- Understand Feelings – to understand another person’s feelings. We need to get in touch with our emotions in order to truly connect with another person’s feelings. There is lots of brain research on mirror neurons and how we are neurologically wired to relate to other human beings. A common reason to skip this element of empathy is that we don’t have our own emotions sorted out. So, you may need to do some of your own mental housekeeping in order to be in a place where you can acknowledge other people’s feelings.
- Communicate Understanding – to communicate your understanding of that person’s feelings. The final element is that someone feels like they are understood – that they are seen and heard. This part for me has been a real struggle since I often don’t know what to say. Here is a great phrase from Brene Brown that can be used verbatim or as a starting point: “It sounds like you are in a hard place now. Tell me more about it.”
My Experiences with Empathy
It has been a little over a year since I developed a clear intent to increase my practice of empathy.
The good news is that I am much better at it. Over the last year, I have seen many people touched by the simple act of listening and just being there for them. It is so simple and so powerful.
The bad news is that I still struggle at times. I respond without thinking. Or my own feelings or wounds interfere with my ability to see someone else as a valuable human being. Continued and persistent success with empathy requires higher levels awareness of ourselves as well as healing of past trauma.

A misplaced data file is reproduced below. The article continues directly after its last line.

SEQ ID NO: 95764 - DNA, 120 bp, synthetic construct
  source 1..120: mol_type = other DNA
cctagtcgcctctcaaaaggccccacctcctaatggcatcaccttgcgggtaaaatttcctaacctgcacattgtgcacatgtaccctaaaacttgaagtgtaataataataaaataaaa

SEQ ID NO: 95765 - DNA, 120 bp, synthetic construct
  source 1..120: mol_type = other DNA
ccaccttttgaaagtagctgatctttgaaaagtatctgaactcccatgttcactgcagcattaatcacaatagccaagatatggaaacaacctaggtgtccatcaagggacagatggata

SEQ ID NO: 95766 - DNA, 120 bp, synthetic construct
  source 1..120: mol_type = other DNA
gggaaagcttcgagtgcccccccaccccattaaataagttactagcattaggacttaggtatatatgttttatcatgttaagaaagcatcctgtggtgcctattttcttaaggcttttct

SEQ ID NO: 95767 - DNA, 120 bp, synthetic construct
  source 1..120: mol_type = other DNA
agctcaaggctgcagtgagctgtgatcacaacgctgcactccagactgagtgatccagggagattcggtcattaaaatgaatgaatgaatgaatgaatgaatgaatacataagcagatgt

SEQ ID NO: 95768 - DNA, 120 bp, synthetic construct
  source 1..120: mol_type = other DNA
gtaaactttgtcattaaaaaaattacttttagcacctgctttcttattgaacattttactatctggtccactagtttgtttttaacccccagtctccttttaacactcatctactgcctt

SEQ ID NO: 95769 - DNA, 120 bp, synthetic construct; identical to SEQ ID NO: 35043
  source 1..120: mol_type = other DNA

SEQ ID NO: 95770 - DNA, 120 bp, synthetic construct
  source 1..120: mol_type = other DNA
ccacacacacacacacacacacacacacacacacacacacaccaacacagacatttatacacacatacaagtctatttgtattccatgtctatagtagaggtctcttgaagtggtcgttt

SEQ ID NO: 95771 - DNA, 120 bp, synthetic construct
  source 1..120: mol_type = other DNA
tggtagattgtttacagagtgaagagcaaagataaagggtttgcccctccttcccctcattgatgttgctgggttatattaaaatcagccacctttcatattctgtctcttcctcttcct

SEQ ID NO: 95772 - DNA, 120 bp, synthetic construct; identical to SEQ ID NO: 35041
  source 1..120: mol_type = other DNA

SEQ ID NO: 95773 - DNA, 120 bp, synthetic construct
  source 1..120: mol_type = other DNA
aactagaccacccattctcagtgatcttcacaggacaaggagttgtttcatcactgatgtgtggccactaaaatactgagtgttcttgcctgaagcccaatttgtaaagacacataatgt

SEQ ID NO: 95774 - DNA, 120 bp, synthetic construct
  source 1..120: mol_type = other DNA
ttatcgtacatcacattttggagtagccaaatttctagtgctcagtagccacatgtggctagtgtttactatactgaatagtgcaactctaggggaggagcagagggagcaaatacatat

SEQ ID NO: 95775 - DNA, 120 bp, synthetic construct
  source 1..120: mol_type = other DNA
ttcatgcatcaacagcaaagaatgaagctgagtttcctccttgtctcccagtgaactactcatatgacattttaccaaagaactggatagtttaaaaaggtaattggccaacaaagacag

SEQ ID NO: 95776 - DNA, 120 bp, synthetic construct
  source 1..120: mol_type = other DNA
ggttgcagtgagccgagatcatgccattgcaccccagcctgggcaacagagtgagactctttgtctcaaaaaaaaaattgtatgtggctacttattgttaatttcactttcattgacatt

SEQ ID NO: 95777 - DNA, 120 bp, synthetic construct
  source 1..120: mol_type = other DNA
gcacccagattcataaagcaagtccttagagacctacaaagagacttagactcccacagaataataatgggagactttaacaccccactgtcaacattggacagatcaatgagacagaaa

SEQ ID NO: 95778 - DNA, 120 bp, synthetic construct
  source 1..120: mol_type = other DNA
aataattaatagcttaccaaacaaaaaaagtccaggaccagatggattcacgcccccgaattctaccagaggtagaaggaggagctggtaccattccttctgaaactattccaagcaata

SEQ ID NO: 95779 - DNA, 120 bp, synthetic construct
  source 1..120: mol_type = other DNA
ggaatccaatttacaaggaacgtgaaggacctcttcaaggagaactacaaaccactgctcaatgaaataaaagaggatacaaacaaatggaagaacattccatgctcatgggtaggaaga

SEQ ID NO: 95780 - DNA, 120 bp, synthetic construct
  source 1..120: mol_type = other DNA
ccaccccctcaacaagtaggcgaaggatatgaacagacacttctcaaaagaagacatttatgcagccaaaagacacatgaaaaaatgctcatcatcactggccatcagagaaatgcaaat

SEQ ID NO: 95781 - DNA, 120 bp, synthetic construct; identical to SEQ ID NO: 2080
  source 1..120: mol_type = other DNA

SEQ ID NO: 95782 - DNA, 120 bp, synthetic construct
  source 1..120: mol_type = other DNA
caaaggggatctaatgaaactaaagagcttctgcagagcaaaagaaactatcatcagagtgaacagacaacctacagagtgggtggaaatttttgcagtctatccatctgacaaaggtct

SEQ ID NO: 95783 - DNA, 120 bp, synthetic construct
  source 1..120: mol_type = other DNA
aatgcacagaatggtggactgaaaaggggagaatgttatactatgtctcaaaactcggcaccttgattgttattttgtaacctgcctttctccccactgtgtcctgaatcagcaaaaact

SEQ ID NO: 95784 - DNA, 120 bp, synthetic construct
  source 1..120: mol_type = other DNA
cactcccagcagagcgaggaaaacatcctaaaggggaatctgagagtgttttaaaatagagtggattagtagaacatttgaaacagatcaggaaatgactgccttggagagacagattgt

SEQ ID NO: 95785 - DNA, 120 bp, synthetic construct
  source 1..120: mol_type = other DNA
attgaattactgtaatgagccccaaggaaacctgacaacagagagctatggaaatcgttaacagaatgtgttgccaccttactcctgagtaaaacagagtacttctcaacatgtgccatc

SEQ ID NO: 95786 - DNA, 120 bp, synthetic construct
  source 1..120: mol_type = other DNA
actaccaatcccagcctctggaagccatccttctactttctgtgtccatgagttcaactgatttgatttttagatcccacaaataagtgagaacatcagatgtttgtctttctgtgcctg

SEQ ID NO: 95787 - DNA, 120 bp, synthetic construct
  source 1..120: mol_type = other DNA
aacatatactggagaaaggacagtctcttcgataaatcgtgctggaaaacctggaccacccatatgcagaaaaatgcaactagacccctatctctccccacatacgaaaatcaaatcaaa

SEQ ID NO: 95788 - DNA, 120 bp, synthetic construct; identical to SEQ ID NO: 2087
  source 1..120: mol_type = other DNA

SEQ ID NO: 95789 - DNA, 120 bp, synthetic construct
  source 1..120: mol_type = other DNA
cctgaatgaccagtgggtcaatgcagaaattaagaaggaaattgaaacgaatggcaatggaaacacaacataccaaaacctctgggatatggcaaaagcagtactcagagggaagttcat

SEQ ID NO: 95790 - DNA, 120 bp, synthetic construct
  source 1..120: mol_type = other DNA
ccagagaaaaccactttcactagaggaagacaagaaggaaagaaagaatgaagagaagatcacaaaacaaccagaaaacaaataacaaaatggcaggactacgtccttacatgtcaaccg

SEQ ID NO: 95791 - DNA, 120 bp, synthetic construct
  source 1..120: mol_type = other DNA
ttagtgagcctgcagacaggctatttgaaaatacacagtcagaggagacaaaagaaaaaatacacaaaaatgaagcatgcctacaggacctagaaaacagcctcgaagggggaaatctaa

The ugly news for us a society is that the empathy deficit is very large. I have noticed that it is commonplace for people to avoid emotions and empathy altogether. Many are lacking empathy skills and, far worse, not even aware that they are missing.
I encourage you to make a difference in the world. Practice empathy on your own and tell others about how they can too.
I am deeply grateful to Brene Brown for creating such a wonderful book – I thought it was just me (but it isn’t) – it has helped me in so many ways. The subtitle of the book is “Women Reclaiming Power and Courage in a Culture of Shame”, but men are in just as desperate need for reclaiming empathy and courage in a culture of shame.
Thanks to my dear friend Olaf Lewitz who suggested I read Brene’s book which has launched me on a tidal wave of change. I would also like to thank Pierre Lagacé and my “Gifts of Imperfection” meetup group for a chance practice empathy.
Update 2020: What I Learned Since I wrote The Original Post
As I look back on this work, I realize the most important part of growth is not just learning what good looks like but learning how to identify the traps and challenges that often go without notice.